The French Plays are coming merrily to a close. M.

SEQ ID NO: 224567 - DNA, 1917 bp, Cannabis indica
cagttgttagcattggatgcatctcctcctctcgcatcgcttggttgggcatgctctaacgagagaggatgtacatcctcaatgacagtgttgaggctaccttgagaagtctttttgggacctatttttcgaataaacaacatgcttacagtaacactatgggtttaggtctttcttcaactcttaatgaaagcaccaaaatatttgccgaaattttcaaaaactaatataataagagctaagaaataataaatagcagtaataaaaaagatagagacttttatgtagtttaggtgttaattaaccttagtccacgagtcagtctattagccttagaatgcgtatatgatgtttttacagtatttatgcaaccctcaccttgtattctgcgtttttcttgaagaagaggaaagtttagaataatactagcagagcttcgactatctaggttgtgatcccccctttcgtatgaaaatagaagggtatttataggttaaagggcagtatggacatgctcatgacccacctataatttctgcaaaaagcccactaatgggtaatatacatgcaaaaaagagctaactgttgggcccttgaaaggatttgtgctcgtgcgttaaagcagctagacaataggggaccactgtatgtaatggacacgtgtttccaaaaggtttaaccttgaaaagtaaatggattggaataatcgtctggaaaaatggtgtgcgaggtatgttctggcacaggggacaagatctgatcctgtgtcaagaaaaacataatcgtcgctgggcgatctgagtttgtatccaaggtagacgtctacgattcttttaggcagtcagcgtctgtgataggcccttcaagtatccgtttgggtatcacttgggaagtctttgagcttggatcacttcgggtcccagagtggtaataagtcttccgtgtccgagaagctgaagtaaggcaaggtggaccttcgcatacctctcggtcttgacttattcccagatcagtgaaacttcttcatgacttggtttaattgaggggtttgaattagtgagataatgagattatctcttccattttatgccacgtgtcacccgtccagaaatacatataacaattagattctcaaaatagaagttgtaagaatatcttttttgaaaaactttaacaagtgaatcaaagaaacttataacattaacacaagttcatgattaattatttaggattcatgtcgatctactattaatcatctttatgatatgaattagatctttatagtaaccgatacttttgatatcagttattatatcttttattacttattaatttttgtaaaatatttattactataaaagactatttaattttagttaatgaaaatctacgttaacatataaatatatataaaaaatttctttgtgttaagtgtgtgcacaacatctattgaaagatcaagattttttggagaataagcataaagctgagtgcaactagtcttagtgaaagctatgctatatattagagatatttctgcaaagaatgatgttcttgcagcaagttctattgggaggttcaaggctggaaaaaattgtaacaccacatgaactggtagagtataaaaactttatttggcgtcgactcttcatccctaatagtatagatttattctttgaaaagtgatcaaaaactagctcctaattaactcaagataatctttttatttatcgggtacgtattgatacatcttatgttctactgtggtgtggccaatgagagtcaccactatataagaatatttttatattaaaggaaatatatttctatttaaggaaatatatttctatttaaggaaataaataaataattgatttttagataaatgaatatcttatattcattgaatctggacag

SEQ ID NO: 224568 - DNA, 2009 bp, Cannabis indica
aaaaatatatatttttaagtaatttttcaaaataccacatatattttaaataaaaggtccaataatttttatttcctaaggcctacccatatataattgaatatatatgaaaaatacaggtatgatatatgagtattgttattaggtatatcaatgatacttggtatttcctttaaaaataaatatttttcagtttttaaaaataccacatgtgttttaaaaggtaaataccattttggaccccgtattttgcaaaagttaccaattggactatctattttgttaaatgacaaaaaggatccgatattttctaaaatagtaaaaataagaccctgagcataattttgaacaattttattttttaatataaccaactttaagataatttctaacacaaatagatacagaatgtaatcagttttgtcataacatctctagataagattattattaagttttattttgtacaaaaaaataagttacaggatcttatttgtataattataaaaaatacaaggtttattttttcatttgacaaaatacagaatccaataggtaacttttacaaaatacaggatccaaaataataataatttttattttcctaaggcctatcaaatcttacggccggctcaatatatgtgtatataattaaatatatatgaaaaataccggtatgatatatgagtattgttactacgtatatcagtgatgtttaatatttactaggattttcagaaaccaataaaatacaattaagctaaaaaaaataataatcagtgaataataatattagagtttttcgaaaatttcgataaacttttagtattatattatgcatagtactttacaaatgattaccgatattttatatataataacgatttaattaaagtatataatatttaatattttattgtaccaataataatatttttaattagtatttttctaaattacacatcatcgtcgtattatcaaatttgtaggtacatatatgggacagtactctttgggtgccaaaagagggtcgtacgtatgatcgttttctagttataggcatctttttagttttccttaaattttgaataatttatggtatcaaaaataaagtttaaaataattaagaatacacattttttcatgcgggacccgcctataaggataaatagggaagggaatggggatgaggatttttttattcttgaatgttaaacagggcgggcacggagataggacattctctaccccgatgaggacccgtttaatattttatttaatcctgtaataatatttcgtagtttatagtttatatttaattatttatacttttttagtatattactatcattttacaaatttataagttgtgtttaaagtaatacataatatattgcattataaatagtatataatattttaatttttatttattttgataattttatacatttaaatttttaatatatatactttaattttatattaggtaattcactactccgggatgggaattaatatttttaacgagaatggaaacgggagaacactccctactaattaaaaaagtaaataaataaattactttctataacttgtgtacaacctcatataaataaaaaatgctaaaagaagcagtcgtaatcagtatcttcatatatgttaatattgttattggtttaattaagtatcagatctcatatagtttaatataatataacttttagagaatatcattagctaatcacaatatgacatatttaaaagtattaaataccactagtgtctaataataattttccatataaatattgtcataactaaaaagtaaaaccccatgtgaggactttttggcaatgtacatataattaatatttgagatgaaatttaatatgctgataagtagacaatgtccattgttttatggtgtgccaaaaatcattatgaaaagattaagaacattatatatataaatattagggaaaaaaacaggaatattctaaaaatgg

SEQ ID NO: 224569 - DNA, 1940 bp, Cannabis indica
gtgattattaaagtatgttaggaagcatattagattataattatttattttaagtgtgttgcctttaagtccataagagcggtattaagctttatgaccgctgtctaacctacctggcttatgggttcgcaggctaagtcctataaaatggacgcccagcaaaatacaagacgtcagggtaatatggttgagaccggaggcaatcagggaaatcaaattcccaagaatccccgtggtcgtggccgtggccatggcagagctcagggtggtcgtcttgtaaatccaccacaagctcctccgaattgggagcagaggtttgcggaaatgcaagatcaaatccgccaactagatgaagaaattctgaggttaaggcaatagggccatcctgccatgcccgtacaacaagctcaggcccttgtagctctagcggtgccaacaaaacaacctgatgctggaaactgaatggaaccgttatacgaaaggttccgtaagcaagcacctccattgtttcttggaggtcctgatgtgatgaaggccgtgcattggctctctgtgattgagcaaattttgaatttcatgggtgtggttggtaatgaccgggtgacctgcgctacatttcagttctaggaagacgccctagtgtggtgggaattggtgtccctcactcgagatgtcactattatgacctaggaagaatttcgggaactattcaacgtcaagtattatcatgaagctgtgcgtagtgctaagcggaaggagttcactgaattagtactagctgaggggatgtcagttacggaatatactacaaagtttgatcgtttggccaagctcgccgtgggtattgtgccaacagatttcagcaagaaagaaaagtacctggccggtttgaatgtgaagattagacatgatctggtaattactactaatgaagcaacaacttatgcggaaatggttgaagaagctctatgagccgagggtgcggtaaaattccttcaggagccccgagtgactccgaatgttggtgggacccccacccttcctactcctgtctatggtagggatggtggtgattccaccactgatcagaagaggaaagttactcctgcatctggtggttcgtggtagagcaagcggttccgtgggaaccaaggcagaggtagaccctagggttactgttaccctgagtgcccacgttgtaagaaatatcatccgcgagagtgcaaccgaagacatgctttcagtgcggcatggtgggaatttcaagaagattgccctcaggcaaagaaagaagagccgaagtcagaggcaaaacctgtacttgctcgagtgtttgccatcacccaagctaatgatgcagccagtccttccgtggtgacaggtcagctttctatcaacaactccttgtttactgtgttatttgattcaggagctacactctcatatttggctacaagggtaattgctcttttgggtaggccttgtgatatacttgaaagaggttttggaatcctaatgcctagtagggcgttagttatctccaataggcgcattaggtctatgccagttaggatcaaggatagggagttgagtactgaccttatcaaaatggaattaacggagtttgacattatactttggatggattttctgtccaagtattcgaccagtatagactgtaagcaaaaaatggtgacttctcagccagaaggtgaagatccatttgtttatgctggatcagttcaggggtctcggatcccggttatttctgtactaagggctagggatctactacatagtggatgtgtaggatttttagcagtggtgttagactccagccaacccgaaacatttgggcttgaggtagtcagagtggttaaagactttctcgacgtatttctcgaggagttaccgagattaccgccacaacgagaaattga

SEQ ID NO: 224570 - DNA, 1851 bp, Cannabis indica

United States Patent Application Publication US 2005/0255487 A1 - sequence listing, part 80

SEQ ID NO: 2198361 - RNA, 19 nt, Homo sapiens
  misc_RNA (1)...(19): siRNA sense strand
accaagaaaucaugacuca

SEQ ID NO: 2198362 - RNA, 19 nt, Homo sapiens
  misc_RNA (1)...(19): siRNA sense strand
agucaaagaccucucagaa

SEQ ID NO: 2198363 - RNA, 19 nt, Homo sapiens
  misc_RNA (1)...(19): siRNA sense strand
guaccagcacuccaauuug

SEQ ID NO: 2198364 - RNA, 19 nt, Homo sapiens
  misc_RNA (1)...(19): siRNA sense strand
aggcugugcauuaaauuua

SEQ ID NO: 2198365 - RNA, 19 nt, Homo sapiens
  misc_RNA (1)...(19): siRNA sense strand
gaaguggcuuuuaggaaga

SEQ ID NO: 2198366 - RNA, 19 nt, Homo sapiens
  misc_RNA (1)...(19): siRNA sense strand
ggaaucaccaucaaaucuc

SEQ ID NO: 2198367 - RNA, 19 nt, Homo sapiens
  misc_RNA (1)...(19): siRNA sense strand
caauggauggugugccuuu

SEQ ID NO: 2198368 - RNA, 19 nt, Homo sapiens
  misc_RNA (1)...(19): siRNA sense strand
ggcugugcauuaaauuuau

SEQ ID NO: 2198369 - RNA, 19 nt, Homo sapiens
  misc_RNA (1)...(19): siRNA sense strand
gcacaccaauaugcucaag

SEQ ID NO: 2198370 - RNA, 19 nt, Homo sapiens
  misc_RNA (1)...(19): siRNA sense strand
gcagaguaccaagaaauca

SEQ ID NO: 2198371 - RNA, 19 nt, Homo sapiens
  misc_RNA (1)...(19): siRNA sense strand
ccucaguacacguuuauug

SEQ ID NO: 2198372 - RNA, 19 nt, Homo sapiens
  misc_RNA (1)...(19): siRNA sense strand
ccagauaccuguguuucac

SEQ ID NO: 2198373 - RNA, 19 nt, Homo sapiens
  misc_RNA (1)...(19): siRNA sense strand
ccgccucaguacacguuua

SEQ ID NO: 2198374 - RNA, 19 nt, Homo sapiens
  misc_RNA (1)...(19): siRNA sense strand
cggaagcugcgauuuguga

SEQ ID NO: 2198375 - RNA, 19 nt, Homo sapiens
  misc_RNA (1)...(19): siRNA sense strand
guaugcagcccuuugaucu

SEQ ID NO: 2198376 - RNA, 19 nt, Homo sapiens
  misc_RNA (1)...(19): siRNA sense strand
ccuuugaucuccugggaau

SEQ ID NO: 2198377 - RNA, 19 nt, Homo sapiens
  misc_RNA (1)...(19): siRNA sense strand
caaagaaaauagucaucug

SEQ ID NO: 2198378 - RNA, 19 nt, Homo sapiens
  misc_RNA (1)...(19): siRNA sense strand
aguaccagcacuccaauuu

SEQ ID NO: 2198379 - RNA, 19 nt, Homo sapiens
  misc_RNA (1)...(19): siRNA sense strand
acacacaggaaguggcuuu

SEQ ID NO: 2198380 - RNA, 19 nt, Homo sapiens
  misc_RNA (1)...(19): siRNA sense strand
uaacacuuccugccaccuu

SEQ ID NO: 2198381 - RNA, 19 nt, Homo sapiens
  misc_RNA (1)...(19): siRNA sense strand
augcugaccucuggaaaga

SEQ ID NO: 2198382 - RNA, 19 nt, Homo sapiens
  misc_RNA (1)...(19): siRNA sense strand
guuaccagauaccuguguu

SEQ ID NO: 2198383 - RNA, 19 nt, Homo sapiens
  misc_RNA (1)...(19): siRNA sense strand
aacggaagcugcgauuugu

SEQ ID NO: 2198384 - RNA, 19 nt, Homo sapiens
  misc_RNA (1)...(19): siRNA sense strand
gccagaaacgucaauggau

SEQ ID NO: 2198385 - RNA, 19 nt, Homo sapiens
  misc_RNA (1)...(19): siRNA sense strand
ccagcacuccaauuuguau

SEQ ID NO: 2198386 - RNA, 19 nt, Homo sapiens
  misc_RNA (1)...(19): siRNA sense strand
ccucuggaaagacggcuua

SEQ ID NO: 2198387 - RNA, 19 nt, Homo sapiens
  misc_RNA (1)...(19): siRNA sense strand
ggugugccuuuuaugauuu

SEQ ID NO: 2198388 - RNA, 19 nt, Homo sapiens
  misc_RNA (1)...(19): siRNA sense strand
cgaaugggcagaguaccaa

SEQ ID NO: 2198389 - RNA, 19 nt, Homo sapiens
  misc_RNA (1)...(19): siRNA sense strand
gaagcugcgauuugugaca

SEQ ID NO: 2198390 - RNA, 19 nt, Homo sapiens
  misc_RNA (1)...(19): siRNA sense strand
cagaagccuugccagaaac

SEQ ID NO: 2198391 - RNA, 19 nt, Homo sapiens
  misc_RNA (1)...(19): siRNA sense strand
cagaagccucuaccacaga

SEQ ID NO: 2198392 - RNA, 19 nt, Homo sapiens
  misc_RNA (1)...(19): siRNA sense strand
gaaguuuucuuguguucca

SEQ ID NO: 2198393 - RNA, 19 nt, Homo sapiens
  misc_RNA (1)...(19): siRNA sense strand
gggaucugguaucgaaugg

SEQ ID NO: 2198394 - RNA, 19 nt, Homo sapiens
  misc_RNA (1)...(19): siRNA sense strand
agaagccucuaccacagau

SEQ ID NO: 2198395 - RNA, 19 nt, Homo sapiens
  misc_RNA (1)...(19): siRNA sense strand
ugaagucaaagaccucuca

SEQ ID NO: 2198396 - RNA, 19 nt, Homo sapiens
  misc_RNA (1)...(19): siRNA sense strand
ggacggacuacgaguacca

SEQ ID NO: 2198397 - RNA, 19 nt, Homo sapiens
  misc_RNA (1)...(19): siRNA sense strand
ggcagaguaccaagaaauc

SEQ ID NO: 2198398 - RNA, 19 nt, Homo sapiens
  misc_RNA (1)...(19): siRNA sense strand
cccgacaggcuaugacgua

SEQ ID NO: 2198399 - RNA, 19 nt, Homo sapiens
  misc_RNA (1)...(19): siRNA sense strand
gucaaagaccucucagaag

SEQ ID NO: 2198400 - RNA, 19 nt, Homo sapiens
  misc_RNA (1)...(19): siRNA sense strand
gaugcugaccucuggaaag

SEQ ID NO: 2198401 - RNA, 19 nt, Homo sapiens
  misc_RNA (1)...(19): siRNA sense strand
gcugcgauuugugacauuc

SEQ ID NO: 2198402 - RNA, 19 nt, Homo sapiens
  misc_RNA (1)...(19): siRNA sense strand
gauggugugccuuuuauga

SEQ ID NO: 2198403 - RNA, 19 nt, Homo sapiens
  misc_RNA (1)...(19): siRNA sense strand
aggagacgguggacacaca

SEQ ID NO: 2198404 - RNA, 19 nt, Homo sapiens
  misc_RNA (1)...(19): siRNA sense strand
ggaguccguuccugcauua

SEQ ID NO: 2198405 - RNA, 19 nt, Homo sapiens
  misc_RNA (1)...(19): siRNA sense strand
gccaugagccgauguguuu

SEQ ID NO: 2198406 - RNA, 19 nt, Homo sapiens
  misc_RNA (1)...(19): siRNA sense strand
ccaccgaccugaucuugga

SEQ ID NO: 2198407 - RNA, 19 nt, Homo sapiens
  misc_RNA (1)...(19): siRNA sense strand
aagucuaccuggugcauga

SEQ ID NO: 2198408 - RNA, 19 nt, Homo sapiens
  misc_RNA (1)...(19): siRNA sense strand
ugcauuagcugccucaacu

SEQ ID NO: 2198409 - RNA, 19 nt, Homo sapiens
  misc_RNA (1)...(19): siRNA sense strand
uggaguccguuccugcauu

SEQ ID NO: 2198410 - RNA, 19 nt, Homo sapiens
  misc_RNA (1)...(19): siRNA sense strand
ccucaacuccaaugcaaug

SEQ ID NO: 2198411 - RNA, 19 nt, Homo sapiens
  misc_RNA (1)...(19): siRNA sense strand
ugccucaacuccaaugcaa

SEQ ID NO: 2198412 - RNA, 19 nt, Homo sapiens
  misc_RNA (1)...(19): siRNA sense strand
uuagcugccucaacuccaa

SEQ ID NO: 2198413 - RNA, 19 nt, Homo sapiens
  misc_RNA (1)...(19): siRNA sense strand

Arnal, the last of the celebrities, is the Keeley of the French stage. His drolleries are more particularly calculated to tickle the fancies of Parisian playgoers; but his quiet humour, and a roguish twinkle of the eye with which he points the pleasantries of the dialogue, soon made his London audience enter into the spirit of the fun. Arnal's style of acting is broad and free without vul- garity; and his low comedy is rich and unctuous. He succeeds best in characters of the bourgeois class; but his forte is not individual persona- tion—the part is merely a vehicle for the display of his peculiar comicality. In L'Homme Blase—the original of Used Up—which he played for a hun- dred successive nights in Paris, he does not look either the man of fashion or the sated voluptuary; he appears rather a listless actor than an impas- sive ennuyd seeking an " emotion." And when he assumes the guise of ,a peasant, he does not look like a gentleman in masquerade, but appears a rustic born and bred: his figure, faoe, and style, are all well suited to low life. So little intensity is there in his acting, that when he appears with his hair whitened through terror at having seen what he took for the ap- parition of his supposed victim, it seemed like a good joke; and one almost expected he would pull off his gray wig and laugh outright at the bur- lesque. But though Charles Mathews is preferable in this character to the artist who "created " it, still M. Arnal is so amusing, whatever the part he plays, that the critical mood is exchanged for the merrier one of enjoyment. Whoever wants to have a hearty laugh should gp to the St. James's and see ArnaL